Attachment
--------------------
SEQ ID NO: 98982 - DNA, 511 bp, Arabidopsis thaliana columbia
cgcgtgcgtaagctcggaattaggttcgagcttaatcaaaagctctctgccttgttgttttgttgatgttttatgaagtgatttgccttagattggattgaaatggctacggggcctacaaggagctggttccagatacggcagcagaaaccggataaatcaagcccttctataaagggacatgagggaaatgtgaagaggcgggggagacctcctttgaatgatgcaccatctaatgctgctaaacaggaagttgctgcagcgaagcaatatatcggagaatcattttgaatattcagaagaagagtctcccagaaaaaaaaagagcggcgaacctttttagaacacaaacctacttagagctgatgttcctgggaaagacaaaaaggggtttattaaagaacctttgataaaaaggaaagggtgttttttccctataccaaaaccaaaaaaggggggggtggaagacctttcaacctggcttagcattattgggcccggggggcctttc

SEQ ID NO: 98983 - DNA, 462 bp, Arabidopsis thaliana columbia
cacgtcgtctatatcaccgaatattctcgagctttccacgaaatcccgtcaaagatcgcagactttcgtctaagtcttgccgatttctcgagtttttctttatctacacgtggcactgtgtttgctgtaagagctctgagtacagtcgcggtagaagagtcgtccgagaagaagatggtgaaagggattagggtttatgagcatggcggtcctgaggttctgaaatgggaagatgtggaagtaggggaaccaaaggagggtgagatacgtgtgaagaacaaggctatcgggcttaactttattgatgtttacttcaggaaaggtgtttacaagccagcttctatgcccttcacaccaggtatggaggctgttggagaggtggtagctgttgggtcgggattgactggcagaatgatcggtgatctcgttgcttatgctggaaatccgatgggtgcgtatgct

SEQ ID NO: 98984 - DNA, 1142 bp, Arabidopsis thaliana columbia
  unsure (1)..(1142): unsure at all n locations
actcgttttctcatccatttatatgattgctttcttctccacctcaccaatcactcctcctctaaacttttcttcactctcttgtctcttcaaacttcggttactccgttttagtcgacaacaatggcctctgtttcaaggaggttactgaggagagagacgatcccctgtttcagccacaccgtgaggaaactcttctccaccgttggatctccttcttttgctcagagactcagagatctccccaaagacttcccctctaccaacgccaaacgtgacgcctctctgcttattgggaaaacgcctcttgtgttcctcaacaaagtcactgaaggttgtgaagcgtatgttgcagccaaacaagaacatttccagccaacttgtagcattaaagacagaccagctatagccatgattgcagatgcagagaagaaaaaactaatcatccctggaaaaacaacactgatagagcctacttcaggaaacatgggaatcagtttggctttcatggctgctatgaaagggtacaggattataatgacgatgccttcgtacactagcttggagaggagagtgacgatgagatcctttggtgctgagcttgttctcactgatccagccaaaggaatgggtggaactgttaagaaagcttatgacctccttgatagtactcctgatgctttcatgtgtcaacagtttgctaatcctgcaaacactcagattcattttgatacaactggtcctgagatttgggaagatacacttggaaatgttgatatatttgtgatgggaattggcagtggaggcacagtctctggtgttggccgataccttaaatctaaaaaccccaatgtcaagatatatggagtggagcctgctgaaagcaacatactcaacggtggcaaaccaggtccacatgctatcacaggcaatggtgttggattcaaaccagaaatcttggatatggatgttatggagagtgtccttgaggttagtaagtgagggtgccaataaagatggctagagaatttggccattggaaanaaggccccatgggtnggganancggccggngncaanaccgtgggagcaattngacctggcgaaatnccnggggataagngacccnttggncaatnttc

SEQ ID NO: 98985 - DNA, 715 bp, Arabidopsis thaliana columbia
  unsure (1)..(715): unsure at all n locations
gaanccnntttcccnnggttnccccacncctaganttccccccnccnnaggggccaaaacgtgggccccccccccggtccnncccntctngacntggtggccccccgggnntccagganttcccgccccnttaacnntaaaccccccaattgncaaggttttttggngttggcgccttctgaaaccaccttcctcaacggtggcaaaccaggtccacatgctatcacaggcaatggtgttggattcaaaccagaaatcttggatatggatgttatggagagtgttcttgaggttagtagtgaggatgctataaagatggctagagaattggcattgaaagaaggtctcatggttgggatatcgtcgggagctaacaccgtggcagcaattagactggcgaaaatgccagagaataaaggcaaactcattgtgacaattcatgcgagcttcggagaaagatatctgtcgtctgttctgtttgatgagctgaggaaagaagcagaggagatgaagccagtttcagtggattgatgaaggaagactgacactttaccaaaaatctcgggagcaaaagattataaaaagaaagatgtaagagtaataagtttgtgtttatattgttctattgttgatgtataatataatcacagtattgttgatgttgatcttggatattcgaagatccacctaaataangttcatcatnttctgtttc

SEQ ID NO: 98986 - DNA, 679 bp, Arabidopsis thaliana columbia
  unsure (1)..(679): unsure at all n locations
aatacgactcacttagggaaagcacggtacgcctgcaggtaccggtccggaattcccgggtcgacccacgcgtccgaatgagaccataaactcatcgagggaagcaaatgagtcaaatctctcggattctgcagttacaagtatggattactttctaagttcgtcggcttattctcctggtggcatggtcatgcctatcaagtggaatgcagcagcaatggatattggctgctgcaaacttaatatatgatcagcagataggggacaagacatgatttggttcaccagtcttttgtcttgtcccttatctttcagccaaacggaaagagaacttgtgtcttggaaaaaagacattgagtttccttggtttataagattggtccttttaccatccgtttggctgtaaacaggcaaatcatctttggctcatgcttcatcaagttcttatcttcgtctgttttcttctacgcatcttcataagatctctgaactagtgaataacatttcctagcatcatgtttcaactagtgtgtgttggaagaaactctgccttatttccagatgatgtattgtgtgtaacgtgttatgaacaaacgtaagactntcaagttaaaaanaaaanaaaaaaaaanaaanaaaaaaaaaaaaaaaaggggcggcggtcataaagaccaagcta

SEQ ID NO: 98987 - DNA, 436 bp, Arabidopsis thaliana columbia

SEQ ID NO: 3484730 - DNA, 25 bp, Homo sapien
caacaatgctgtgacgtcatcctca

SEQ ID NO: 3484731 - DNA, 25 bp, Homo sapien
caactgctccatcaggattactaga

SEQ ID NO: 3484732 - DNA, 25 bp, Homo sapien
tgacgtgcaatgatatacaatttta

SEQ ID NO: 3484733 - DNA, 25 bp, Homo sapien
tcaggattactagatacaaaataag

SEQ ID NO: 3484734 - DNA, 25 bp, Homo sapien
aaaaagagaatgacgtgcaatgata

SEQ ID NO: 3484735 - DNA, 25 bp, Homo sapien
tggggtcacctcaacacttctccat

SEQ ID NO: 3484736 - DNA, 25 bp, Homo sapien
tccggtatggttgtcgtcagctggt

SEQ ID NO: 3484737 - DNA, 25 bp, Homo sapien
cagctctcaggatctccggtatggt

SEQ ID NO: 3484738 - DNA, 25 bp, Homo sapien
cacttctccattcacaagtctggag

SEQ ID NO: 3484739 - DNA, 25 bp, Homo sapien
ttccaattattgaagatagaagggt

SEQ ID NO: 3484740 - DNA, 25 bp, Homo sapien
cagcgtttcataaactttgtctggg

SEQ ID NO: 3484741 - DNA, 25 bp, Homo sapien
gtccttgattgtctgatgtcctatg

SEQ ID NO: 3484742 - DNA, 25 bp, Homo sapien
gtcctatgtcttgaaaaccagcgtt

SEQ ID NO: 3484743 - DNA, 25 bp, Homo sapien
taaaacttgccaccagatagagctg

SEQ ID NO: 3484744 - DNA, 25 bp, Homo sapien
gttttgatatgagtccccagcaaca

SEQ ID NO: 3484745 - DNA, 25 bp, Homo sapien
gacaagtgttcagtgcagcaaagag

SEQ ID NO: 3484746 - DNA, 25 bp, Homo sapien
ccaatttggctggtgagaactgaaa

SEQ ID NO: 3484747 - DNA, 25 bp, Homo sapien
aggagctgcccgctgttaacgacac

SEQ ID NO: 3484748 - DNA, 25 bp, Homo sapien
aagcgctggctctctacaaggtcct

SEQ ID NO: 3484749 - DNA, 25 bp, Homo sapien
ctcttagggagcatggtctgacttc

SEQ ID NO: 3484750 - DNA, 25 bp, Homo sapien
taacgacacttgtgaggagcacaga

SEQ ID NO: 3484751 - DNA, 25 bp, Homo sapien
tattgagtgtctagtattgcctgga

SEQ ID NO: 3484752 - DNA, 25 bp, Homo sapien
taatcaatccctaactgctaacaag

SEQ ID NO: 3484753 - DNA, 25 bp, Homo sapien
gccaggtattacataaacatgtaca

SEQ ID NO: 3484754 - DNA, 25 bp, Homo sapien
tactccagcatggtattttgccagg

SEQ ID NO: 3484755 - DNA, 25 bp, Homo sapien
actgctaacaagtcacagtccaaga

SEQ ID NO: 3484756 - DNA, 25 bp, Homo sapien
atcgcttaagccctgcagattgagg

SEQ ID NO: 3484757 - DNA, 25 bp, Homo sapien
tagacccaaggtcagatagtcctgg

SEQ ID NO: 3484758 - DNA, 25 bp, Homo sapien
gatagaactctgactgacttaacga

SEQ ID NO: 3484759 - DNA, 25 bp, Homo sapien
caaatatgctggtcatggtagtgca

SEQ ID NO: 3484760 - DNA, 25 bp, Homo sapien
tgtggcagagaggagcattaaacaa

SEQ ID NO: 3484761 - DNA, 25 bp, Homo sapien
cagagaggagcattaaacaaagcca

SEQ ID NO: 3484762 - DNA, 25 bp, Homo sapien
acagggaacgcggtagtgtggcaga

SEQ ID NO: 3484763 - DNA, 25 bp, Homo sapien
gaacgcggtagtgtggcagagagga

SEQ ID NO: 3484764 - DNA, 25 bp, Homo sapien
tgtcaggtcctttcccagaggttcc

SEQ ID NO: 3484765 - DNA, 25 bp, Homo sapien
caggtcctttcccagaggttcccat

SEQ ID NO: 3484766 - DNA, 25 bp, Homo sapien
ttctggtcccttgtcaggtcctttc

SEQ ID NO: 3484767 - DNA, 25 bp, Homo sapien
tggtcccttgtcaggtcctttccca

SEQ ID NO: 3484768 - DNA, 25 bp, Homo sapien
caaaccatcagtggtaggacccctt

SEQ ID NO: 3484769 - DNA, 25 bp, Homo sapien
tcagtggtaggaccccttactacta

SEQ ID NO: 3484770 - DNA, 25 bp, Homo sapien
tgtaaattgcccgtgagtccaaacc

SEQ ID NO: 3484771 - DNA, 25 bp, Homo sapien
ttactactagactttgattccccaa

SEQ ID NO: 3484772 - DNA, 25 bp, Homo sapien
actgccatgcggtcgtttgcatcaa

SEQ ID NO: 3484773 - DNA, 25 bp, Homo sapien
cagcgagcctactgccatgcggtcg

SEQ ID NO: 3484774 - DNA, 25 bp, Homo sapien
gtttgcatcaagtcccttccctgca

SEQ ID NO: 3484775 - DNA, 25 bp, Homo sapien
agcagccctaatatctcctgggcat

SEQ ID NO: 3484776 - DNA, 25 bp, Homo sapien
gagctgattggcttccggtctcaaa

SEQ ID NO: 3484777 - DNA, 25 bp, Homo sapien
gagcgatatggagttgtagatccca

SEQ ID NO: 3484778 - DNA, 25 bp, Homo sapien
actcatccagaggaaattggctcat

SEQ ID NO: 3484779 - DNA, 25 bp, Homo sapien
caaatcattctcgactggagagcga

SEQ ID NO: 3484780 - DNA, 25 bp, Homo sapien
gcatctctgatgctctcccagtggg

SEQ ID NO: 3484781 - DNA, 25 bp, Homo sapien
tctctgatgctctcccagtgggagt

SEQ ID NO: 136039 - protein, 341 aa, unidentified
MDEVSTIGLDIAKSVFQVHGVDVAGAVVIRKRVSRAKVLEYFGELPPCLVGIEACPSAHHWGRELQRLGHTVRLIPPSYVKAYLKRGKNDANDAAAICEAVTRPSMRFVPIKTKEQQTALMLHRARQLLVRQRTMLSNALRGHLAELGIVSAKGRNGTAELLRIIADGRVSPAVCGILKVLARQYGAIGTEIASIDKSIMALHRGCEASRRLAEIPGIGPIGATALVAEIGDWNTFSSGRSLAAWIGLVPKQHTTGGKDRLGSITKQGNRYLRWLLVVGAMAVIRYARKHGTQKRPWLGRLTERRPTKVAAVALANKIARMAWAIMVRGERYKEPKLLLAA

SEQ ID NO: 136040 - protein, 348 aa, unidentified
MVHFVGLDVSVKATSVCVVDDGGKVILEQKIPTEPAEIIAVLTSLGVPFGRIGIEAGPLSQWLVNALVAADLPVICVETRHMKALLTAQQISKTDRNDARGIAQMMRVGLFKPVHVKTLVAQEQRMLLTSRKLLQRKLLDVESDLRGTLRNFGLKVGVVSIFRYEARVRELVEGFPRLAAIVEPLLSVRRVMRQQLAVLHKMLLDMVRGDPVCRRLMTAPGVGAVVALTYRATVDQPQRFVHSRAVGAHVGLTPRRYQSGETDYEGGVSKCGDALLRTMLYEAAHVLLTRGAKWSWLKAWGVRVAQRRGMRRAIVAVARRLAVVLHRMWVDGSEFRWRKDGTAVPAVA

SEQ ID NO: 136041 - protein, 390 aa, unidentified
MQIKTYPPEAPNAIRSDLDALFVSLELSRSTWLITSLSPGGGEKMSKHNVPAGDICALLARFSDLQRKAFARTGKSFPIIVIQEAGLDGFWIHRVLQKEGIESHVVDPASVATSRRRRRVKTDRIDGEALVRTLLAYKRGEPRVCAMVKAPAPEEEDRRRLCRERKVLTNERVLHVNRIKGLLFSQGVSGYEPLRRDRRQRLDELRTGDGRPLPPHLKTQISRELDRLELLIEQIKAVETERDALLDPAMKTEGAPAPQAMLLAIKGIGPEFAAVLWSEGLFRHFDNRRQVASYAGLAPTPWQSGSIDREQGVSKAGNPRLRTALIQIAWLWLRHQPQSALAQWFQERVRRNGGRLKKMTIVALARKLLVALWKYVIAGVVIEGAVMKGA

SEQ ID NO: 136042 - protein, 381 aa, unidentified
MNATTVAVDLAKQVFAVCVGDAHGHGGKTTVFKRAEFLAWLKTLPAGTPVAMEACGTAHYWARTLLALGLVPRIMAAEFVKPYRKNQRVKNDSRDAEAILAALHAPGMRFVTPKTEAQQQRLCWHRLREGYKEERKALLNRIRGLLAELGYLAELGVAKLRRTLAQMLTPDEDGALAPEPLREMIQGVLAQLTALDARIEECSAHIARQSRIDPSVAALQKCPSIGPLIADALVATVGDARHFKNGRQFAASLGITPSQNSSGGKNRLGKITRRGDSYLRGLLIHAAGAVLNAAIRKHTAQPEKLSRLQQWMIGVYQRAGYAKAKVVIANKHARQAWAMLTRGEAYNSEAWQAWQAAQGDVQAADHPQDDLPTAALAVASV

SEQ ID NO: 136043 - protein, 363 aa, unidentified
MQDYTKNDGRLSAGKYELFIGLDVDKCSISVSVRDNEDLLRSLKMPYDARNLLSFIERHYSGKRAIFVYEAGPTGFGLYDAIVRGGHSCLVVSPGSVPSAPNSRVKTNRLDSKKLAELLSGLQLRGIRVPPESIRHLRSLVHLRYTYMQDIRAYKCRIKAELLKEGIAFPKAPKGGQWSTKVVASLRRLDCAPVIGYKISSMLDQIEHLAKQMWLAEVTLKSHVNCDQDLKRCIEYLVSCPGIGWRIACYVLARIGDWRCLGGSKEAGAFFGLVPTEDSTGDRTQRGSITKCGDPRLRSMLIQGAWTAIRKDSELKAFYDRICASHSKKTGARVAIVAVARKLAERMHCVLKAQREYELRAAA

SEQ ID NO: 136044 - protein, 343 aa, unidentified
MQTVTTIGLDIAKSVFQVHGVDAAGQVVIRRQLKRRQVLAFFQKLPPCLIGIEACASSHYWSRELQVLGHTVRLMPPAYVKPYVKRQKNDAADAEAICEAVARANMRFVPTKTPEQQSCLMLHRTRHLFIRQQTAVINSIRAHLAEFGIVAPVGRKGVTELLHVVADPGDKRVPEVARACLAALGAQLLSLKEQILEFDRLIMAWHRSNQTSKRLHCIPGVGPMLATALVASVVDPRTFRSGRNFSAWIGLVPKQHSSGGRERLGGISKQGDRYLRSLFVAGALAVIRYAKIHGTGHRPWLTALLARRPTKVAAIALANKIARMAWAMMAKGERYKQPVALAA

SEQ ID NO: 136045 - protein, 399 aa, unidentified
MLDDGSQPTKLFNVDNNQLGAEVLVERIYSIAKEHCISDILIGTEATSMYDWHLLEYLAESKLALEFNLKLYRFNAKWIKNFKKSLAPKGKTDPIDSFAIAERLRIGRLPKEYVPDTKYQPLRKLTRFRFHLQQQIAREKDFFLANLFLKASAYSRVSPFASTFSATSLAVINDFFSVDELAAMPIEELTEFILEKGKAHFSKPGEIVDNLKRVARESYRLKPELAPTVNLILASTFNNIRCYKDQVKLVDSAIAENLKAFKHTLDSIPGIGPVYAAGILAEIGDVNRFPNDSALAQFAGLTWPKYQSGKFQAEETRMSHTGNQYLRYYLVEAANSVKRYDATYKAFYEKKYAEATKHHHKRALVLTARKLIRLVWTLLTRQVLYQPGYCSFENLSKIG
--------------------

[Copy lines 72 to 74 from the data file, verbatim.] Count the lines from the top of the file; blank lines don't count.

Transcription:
gatagaactctgactgacttaacga

SEQ ID NO: 3484759 - DNA, 25 bp, Homo sapien
caaatatgctggtcatggtagtgca